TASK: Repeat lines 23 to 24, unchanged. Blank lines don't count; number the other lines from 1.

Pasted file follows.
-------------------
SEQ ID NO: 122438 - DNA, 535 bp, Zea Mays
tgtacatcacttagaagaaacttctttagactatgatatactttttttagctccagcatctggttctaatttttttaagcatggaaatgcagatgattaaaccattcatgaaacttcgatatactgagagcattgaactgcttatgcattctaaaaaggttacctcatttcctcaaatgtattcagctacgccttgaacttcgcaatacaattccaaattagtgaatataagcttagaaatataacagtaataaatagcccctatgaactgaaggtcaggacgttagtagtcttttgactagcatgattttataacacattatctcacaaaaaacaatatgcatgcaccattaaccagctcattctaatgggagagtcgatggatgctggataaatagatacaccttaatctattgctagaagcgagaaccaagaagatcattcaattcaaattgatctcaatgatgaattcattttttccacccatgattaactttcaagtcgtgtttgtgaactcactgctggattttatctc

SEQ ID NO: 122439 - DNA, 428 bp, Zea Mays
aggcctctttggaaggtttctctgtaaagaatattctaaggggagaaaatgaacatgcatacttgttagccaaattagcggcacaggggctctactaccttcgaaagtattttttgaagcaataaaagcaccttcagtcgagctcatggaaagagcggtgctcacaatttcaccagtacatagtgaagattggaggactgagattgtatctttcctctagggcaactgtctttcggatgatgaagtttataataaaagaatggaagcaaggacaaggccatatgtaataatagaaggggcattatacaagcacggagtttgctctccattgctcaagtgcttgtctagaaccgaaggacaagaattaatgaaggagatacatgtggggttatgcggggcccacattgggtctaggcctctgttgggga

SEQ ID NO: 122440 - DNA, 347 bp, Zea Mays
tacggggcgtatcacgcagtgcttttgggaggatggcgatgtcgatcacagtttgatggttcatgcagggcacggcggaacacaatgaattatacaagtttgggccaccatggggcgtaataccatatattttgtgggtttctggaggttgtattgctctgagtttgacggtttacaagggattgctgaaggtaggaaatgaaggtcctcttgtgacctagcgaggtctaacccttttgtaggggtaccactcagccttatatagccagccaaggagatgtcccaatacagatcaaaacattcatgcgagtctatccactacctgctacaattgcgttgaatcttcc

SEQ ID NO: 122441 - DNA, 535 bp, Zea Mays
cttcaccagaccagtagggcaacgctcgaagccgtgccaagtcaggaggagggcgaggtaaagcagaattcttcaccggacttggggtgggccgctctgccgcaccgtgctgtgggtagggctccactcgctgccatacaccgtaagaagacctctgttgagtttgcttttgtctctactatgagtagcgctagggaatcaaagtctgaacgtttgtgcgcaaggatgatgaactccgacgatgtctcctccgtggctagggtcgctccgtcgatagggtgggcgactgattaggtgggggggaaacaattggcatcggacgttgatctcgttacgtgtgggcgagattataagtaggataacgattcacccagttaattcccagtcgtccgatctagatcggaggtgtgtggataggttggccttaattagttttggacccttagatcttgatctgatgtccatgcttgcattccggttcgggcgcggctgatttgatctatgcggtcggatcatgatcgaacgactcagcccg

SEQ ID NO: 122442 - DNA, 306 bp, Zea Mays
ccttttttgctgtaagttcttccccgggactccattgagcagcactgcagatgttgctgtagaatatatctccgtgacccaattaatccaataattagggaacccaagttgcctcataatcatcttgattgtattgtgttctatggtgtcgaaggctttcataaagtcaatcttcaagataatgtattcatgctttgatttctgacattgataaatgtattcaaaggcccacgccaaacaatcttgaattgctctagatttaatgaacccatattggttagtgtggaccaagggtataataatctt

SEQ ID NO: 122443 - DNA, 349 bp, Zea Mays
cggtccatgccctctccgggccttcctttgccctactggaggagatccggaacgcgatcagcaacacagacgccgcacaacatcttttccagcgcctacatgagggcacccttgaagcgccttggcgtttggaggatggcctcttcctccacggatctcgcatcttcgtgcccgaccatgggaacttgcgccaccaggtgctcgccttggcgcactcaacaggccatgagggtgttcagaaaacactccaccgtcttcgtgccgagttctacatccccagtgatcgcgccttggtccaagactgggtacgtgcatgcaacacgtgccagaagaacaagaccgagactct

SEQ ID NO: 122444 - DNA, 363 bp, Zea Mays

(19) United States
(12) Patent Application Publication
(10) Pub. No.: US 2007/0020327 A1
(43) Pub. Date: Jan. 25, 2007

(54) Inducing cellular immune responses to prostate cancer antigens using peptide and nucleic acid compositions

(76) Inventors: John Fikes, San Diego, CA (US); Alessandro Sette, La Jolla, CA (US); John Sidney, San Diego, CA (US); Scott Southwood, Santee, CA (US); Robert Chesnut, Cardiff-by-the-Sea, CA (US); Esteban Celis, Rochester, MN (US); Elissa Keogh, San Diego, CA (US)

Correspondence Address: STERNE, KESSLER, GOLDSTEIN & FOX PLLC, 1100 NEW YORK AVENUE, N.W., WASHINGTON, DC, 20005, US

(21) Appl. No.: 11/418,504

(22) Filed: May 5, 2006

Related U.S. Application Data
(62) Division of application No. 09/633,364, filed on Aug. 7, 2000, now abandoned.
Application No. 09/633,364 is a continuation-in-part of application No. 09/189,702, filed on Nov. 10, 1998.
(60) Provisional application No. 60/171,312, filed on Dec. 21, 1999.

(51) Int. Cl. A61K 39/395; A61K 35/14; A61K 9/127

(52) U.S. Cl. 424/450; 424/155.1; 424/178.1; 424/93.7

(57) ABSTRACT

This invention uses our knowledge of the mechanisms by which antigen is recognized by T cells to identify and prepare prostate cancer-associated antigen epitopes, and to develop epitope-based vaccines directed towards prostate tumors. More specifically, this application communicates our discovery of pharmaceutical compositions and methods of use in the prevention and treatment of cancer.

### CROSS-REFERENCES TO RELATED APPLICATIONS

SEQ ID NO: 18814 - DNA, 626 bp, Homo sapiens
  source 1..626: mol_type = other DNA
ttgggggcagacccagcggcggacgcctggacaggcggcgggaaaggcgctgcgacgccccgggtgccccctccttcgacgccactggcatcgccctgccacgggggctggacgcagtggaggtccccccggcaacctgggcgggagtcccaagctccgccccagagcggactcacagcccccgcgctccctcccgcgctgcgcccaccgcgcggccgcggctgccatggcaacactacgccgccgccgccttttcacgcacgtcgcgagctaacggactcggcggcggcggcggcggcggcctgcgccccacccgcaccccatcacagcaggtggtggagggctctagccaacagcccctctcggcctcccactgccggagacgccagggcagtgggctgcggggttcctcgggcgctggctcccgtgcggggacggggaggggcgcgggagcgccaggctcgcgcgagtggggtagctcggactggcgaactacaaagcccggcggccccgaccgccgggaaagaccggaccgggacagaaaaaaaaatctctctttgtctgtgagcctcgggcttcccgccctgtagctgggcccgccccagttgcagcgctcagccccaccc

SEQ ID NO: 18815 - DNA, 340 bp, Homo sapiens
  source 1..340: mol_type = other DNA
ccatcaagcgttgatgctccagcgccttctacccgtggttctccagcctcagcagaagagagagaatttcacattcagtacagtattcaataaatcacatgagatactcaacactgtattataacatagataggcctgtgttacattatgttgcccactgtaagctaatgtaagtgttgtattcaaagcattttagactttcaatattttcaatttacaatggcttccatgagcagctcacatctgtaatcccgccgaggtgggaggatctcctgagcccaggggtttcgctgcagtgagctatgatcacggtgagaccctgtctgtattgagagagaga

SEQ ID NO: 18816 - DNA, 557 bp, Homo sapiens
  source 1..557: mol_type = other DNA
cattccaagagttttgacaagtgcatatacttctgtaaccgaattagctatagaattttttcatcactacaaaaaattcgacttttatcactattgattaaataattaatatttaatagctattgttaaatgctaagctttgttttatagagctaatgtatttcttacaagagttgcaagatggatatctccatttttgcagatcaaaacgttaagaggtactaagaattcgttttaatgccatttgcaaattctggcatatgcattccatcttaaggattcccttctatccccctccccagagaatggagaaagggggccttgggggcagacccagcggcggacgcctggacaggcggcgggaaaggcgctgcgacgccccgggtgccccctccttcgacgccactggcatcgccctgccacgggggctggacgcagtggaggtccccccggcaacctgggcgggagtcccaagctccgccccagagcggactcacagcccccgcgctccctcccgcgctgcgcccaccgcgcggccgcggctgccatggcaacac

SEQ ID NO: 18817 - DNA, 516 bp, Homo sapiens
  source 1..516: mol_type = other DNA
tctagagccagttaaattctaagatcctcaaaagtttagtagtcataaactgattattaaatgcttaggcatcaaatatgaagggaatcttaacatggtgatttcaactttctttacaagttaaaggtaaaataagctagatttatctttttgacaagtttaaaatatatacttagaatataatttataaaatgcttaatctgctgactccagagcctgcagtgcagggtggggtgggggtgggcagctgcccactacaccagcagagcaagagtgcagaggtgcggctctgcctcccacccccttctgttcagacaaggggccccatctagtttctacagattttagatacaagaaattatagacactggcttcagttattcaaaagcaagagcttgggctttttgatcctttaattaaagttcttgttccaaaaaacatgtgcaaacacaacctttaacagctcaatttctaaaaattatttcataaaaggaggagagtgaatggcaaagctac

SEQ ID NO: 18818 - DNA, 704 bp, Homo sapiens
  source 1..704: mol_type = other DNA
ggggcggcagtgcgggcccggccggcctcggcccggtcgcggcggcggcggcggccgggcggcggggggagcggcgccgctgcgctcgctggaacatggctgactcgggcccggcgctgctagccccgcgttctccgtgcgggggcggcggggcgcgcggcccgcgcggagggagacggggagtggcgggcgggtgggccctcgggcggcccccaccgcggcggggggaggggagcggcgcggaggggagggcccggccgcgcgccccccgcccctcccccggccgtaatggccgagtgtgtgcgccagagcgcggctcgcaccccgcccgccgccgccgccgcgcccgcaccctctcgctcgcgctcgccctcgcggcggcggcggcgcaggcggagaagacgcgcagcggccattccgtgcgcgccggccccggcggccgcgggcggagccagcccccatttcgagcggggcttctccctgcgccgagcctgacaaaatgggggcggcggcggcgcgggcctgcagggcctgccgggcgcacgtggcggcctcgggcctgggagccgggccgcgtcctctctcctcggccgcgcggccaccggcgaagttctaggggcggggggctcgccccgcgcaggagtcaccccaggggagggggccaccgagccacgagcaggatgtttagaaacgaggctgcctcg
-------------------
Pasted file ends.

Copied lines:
Related U.S. Application Data
(62) Division of application No. 09/633,364, filed on Aug. 7, 2000, now abandoned.